Schuster, who has worked on series such as “Master Chef” and held roles at companies such as Ryan Seacrest Productions, said she founded Husslup last year in part to help the industry solve its a persistent problem of diversity, which has long been perpetuated by a clubby culture and an informal dues system where young people walk in the door by accepting low-paying work.

“I’ve been through the frustration of trying to find diverse members for my teams and I’ve definitely been in situations where I’m on a team where there’s not a lot of inclusivity,” a- she declared. “And so the goal, for me, was really to try to do something that could have a real impact on an industry that I love.”

Husslup is one of many companies trying to cure the entertainment industry of its clicky hiring habits. Ron Howard and Brian Grazer, through their company Impact Creative Systems, launched their own app in 2020 to help executives find talented writers and help scribes find work.

In 2021, director Ava DuVernay launched Array Crew, a so-called below-the-line talent database designed to address the hiring gap for women and people of color in the entertainment industry. Below the line usually refers to crew members such as cameramen, set designers, makeup artists, and hairstylists.

And, of course, there are the established general-purpose social networking services that businesses use, like LinkedIn and Facebook groups.

“Having these kinds of tools helps level the playing field, to some degree,” said Nicholas Anglewicz, AGBO’s chief operating officer. “It has become increasingly important to ensure that the content you create for the world represents the world, and these tools help in that regard.”

But for companies that prioritize diversity, apps are no panacea; they are just a tool. Companies should be proactive in meeting with potential candidates through outreach and networking events, months before an opportunity arises to avoid rushing at the last minute.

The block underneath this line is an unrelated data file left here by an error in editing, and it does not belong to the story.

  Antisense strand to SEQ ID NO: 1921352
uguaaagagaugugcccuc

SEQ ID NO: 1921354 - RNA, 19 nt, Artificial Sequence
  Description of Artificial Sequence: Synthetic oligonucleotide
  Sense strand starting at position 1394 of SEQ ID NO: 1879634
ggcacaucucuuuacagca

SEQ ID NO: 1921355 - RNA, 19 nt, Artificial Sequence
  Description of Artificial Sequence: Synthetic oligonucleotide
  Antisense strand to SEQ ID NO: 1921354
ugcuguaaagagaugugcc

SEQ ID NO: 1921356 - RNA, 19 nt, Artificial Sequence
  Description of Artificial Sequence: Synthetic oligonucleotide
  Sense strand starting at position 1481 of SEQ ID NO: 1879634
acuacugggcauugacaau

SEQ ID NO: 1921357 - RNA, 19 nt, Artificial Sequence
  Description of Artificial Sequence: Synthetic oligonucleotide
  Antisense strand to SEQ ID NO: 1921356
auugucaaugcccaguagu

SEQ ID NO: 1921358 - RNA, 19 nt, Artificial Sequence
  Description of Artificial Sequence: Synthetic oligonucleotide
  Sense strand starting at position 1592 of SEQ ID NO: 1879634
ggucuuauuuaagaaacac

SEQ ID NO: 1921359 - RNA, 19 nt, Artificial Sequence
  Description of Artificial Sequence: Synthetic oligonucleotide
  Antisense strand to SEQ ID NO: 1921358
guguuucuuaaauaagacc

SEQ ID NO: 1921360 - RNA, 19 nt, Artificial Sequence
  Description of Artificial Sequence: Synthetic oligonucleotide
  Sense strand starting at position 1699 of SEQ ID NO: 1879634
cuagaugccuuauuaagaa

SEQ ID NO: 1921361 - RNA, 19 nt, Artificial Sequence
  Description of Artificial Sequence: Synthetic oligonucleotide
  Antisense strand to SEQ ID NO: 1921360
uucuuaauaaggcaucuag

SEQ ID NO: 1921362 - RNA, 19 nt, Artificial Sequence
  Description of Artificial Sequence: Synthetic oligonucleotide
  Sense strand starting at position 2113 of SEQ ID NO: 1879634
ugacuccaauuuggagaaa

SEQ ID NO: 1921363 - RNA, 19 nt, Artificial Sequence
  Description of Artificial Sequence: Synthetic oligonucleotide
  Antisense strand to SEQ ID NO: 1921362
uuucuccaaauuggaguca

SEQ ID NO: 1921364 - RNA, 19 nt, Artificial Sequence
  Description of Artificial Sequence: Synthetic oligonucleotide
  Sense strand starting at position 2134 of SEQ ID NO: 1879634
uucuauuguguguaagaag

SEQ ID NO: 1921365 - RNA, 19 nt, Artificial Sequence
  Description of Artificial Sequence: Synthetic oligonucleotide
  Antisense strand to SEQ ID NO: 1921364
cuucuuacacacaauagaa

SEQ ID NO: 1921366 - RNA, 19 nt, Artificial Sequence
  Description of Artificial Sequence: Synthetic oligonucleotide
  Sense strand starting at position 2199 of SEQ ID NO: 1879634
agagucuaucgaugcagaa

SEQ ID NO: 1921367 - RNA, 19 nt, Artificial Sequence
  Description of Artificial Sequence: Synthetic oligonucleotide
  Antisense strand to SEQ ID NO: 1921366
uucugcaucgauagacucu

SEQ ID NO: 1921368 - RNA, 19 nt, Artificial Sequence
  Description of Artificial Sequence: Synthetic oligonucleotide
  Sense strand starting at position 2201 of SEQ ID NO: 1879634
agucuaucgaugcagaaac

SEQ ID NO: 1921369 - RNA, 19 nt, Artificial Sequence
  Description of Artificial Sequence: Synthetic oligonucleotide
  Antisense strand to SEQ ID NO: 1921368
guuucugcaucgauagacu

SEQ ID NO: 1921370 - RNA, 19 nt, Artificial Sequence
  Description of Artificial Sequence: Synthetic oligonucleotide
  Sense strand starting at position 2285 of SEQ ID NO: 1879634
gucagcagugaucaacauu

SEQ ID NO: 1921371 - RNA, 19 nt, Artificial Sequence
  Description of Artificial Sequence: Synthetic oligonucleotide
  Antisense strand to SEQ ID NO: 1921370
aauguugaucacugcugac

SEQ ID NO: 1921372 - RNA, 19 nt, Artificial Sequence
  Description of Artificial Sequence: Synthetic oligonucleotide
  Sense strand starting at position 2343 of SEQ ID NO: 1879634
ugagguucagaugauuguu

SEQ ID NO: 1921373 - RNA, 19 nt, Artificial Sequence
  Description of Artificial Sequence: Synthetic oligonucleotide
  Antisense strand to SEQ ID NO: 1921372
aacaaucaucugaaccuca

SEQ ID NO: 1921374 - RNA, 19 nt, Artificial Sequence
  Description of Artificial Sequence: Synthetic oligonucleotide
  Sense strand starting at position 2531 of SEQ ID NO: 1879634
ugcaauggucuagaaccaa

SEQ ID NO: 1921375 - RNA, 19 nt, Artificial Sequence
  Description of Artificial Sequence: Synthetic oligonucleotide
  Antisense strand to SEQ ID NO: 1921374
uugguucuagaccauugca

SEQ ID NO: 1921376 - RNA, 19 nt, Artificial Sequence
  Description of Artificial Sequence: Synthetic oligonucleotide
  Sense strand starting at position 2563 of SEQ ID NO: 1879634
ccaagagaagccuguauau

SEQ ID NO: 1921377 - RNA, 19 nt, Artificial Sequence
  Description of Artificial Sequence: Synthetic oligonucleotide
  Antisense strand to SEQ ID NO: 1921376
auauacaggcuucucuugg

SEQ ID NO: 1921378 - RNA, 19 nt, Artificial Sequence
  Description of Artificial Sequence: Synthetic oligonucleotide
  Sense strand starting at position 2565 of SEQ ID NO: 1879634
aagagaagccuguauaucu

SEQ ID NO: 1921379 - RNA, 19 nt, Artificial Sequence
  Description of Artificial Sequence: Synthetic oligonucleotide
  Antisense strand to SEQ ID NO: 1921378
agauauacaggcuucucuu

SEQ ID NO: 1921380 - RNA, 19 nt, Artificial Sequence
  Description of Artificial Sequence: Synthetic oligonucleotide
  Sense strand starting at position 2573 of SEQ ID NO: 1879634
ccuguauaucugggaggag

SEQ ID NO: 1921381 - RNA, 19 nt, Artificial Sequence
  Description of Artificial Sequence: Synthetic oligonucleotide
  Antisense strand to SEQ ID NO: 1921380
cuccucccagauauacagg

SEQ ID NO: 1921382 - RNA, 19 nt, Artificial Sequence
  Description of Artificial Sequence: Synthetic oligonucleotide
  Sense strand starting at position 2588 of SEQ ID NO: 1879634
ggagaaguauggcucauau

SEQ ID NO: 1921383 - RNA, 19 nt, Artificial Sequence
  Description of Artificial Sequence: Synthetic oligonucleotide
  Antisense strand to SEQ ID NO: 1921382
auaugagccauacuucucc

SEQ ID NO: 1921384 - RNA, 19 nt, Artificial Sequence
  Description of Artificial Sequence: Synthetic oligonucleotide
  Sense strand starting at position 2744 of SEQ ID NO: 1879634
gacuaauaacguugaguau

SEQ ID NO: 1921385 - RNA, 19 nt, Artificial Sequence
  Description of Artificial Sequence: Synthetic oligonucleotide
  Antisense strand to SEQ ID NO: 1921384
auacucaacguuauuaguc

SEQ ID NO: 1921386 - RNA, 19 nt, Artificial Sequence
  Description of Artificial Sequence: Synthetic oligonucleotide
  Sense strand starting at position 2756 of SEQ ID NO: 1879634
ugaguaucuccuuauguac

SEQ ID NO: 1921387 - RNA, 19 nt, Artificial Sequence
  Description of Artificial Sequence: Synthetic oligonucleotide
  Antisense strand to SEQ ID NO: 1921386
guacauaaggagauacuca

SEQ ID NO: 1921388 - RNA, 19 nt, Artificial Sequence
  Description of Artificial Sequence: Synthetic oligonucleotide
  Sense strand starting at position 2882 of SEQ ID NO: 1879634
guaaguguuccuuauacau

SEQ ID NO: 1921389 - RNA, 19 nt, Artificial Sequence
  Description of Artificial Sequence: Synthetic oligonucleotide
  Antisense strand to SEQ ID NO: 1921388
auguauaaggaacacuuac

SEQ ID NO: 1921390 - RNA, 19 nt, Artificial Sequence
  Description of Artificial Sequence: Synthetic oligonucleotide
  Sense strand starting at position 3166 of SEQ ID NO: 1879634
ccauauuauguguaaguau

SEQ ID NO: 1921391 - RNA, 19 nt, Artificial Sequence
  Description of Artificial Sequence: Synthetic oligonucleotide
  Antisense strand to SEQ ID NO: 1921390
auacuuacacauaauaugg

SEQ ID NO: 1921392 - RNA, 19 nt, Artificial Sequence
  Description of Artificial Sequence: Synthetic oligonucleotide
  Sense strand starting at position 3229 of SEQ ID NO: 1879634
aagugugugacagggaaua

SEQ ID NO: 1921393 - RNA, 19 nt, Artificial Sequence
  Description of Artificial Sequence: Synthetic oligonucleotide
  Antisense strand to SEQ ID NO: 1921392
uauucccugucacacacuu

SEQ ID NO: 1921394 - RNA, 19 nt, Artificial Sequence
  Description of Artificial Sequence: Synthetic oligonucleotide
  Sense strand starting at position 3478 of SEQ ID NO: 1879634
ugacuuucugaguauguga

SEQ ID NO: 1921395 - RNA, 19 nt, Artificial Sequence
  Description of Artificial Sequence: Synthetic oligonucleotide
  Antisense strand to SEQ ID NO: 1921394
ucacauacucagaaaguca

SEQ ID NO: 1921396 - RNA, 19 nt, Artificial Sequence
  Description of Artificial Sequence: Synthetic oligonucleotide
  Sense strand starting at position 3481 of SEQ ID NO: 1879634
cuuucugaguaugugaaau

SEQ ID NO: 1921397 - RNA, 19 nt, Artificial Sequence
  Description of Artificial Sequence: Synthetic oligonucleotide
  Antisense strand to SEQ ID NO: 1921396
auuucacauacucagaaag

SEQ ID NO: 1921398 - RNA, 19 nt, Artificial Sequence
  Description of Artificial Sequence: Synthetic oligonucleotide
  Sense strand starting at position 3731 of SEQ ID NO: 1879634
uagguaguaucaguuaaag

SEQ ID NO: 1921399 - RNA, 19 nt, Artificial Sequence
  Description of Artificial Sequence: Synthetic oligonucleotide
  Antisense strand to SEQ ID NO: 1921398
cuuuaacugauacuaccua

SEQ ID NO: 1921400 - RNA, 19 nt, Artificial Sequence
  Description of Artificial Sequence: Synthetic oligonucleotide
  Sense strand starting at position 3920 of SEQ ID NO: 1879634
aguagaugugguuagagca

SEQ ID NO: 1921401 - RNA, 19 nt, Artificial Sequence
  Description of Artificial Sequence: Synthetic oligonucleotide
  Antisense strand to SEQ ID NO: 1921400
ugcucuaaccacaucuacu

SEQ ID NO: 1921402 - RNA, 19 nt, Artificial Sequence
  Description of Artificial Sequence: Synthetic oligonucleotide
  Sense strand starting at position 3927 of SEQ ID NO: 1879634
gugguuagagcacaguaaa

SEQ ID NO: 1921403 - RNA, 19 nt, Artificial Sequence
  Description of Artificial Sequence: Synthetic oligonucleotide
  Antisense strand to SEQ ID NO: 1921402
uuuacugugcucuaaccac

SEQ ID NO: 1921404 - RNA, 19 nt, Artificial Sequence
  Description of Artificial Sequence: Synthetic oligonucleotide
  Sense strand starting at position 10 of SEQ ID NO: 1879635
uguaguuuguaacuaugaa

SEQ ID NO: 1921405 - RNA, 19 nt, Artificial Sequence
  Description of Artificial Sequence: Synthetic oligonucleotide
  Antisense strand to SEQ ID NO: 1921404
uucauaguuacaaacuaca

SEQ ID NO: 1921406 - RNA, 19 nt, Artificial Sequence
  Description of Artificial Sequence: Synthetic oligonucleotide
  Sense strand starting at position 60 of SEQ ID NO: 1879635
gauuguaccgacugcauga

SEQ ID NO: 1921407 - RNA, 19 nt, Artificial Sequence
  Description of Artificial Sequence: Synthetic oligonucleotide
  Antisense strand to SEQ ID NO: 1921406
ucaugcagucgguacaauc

“Part of that process is building a list of people you want to work with,” Anglewicz said. “It doesn’t just happen by using an app.”

Tiana Perez, 19, signed up for Husslup after connecting through the nonprofit organization Women In Film Los Angeles. Perez, who grew up in Santa Clarita and will soon begin studying public relations and advertising at USC’s Annenberg School, wanted to work in entertainment but had no industry experience or connections. She received an offer for an entry-level job as a production assistant at AGBO a few months after her arrival.

“A major selling point was that it was a lot about networking and seeing what other people were doing in their careers in the industry,” Perez said.

Husslup completed the Comcast NBCUniversal LIFT Labs Accelerator program in November and launched its app in February. The company, which has a team of around eight people, is in the process of raising an undisclosed amount of funding. The app is free for businesses and job applicants, but will eventually make money by charging businesses through tiered subscriptions, Schuster said.

“We want to keep it free for creative talent for as long as possible,” Schuster said. “We want to drive the community and we want creative talent to feel like they have a place where they can come and really network.”